There are too many SQL commands and data types to look at all of them in one blog post, so we will look at a few here.

In order the understand the examples below you should have some understanding of regular, i.e., Oracle or other RDBMS, SQL, as Cassandra SQL is almost the same. And to get started with Cassandra, you can read what wrote here. Look at that even if you already know and have installed Cassandra so that you can the SQL from there to set up a table and index that we will start with here.

Cassandra SQL Shell

First step, to open the Cassandra SQL command line enter: cqlsh.

Paste in the SQL below. If you looked at that other blog post you will have some data here.

select * from;

Here is another query.

(Note that Cassandra requires the use of single and not double quotes, or you will get the error no viable alternative at input.)

select ssn from Library.patron where checkedOut contains '1234';

Collections, Maps, and Sets

Cassandra supports complex data types including user-defined objects, collections, maps, and sets.

For example. if we type:

describe library.patron;

We can see that commands that were used to create the table. Below is a truncated view of that as the complete view shows lots of system administration type options, which we will look at in another post.

Below you can see that the column checkedout is a set of type text. A set is a collection of unique values.

CREATE TABLE library.patron (
ssn int PRIMARY KEY,
checkedout set<text>


Maps store values in {key->value} format.

First create this keyspace.

WITH REPLICATION = { 'class' : 'SimpleStrategy', 'replication_factor' : 3 };

Then create a shopping cart for an ecommerce app where the items purchased are a map. The first field is the customer order number. The second is the combination of what they bought and how much, e.g, {“shoes”, 1}.

CREATE TABLE shopping.cart (
customerOrder int PRIMARY KEY,
items map<text,int>

Add some data, i.e., make a sale:

INSERT INTO shopping.cart (customerOrder, items)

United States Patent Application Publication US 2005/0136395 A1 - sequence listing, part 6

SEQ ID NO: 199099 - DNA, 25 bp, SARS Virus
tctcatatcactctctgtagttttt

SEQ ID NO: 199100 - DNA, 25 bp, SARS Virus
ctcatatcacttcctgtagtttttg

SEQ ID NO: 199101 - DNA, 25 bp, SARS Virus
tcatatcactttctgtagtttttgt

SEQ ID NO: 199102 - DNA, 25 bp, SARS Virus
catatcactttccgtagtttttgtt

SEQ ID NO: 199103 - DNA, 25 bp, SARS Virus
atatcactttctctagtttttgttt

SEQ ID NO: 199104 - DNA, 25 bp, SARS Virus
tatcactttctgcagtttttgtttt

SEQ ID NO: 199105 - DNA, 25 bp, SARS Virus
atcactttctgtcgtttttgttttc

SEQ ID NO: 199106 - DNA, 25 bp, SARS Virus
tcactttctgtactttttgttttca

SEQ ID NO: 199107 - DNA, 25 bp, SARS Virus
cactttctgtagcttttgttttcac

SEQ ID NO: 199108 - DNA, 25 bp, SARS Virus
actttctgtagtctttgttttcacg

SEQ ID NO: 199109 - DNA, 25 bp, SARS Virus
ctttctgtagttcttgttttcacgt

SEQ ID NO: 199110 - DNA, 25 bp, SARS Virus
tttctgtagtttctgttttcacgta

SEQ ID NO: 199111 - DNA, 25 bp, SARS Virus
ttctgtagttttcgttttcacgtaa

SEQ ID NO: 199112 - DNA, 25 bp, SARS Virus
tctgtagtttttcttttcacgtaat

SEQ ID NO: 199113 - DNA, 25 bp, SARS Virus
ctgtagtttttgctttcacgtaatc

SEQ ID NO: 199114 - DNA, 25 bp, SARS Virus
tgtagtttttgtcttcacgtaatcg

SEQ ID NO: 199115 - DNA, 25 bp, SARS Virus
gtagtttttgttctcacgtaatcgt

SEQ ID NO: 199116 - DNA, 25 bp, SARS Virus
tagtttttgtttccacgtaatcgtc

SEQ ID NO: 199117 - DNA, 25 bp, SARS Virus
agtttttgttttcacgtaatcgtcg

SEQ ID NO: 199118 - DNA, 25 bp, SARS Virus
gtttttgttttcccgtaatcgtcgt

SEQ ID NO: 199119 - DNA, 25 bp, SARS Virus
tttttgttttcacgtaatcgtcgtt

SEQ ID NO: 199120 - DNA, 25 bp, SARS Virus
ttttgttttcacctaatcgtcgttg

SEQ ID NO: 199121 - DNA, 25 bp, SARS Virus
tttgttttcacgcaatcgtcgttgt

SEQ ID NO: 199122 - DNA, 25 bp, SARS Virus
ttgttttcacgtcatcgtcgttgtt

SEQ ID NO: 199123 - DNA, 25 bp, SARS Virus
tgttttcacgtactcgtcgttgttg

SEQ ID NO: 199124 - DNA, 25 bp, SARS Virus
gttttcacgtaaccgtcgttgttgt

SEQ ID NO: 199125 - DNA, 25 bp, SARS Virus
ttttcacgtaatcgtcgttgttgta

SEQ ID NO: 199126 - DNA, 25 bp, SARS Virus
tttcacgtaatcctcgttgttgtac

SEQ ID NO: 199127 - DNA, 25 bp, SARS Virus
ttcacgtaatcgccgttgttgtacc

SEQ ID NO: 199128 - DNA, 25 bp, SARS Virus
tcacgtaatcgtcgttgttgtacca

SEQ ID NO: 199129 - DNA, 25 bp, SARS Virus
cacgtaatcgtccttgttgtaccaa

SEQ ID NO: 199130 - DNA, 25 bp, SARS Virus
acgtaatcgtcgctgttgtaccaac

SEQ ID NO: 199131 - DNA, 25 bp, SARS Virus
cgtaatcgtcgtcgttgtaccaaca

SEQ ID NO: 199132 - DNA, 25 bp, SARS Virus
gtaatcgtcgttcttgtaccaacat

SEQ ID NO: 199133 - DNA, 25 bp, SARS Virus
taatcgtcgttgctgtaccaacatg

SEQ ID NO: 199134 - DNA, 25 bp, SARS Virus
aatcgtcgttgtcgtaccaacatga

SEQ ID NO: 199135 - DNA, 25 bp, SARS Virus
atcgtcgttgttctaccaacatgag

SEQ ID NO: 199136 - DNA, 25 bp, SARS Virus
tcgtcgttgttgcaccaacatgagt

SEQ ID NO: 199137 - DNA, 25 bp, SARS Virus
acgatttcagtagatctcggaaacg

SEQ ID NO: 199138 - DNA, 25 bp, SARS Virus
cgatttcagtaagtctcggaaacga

{'toys' : 12, 'socks': 5});

And list it:

select * from shopping.cart;
customerorder | items
1 | {'socks': 5, 'toys': 12}


With an ecommerce application you would want to use batches.

Batches ensure atomicity, which RDBMS programmers would say ensure referential integrity. This ensures that if any of the SQL statements in a batch have an error then none of the statements are applied.

That’s import for, for example, a shopping cart app. We would only want to update the inventory if the sales transaction worked.

To illustrate that first create an inventory table and put an item into it:

CREATE TABLE shopping.inventory (
      item text PRIMARY KEY,
      quantity int

INSERT INTO shopping.inventory (item, quantity) VALUES ('eggs', 48);

Now make a sale of 4 eggs in a BATCH:


INSERT INTO shopping.cart (customerOrder, items) 
{'eggs' : 4}

UPDATE shopping.inventory
SET quantity = 44
where item = 'eggs';


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Last updated: 12/12/2018

These postings are my own and do not necessarily represent BMC's position, strategies, or opinion.

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About the author

Walker Rowe

Walker Rowe

Walker Rowe is an American freelancer tech writer and programmer living in Cyprus. He writes tutorials on analytics and big data and specializes in documenting SDKs and APIs. He is the founder of the Hypatia Academy Cyprus, an online school to teach secondary school children programming. You can find Walker here and here.